Interprofessional Collaboration Case Study Competition (Poster Presentations)

1 – 3 p.m.
McNeill Hall, Room 1051 (Multi-Purpose)

Student Teams consisting of a CHHS faculty sponsor, three CHHS students, representing each CHHS professional school, will display their experience and expertise after being given a unique case study in the field of health and human services.

Invited Presentation: Narratives of Nurse Faculty on Tenure Track

Speakers: Drs. April Bice, Kellie Griggs and Tammy Arms
3:30 – 4:30 p.m.
McNeill Hall, Room 1051 (Multi-Purpose)

Transitioning to a faculty role in academia can present multiple challenges.  Many institutions offer tenure track to PhD and DNP prepared faculty. Viewed through the lens of postmodern feminism the researchers conducted a thematic narrative analysis seeking to understand the collective needs and experiences of DNP and PhD prepared nurse faculty on tenure track in academia as told through their personal stories.  The research findings from this study are significant to faculty career development and provide evidence to support faculty with: becoming new investigators, engaging in various levels of service, becoming strong educators, and fostering collaborative relationships. Implications for this study include enhancement of (a) organizational policy (b) inter-professional collaborative research, and (c) faculty satisfaction and retention.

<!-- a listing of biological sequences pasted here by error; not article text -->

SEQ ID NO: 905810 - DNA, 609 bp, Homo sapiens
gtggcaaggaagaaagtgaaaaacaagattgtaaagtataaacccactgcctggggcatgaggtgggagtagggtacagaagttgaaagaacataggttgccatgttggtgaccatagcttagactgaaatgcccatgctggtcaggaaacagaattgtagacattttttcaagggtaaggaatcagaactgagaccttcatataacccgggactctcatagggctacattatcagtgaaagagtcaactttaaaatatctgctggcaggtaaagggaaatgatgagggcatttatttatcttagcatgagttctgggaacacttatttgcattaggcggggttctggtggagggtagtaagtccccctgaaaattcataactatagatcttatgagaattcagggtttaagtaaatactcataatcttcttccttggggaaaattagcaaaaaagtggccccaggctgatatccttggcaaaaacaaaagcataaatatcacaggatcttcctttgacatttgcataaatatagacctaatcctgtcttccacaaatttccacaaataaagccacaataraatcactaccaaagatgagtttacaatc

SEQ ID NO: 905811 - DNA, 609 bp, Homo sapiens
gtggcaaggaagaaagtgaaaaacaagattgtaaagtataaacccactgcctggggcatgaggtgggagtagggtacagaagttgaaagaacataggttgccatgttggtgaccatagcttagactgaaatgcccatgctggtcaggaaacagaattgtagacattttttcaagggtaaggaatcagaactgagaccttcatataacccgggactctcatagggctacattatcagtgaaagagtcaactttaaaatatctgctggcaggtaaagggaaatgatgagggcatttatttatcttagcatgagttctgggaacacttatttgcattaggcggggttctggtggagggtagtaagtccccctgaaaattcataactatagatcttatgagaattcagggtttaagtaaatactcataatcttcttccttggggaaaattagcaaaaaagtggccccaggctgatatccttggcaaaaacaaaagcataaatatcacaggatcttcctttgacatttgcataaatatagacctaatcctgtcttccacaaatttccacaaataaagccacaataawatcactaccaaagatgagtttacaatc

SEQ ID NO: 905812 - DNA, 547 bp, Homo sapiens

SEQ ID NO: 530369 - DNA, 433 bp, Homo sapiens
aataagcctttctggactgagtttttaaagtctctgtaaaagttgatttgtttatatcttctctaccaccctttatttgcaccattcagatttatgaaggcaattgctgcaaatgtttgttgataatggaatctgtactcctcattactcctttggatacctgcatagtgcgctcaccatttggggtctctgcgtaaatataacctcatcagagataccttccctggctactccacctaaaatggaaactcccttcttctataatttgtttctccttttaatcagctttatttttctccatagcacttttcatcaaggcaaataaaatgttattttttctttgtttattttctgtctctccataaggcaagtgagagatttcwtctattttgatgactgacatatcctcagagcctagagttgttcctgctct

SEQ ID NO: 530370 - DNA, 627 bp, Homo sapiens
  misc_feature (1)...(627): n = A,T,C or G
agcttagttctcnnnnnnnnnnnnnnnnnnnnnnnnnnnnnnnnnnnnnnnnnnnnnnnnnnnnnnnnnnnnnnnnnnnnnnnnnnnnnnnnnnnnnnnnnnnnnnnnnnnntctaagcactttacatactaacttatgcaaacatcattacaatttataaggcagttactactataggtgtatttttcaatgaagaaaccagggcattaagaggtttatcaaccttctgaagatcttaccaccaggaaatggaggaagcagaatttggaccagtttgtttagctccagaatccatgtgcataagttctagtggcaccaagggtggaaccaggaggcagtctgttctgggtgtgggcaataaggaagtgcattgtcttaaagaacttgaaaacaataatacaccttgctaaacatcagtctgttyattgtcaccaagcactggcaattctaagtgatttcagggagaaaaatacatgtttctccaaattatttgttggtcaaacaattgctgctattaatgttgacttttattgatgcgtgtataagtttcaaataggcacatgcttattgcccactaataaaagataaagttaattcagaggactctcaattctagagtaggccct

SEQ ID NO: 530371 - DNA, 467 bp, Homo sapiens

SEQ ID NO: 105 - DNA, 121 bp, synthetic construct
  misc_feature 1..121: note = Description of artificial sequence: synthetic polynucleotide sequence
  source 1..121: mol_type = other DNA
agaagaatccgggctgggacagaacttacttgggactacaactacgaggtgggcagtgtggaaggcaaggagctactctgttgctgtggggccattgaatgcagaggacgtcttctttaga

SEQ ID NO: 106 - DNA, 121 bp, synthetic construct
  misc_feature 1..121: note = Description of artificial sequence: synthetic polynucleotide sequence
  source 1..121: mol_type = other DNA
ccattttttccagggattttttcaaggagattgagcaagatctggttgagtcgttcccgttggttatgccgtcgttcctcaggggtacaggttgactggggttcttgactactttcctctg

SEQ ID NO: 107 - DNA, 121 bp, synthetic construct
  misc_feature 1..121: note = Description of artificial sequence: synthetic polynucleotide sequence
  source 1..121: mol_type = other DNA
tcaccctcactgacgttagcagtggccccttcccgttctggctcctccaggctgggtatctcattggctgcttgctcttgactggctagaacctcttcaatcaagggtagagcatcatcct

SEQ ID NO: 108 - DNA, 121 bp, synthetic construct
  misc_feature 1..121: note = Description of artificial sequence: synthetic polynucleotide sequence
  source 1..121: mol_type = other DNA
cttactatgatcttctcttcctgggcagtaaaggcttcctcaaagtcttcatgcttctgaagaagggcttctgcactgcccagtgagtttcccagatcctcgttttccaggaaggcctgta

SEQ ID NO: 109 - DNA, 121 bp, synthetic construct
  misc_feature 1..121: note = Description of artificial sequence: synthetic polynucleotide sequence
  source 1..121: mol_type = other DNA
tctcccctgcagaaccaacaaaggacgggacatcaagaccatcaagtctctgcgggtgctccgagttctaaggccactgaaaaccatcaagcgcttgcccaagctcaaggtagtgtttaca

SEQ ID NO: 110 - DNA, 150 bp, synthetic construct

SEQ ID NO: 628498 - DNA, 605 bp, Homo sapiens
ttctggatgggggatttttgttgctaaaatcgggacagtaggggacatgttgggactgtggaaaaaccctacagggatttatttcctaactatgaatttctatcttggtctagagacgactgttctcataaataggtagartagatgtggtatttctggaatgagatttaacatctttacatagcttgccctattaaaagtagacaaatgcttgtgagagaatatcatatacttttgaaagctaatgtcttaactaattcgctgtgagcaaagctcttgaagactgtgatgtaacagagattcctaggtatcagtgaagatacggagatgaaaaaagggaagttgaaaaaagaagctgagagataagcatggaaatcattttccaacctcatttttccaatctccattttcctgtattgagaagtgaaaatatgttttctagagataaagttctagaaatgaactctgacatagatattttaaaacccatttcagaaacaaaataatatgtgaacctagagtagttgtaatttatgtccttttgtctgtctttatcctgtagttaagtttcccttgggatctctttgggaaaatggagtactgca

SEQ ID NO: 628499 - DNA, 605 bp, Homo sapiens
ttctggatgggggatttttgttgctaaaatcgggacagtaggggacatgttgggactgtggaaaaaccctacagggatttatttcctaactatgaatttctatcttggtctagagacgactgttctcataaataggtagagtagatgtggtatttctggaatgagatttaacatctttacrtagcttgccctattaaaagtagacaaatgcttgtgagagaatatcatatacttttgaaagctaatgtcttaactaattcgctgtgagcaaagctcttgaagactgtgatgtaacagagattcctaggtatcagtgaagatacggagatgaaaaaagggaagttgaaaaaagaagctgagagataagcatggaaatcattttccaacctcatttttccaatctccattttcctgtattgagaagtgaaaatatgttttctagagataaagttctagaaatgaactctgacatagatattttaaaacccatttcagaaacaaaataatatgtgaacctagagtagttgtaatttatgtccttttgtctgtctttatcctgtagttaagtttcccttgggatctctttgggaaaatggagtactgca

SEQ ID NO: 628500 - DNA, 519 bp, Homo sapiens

Tuesday, April 10

American Red Cross Training Series: Disaster Mental Health Introduction (Advance Registration Required)

9 – 11:30 a.m.
McNeill Hall, Room 1051 (Multi-Purpose)
To register, click here.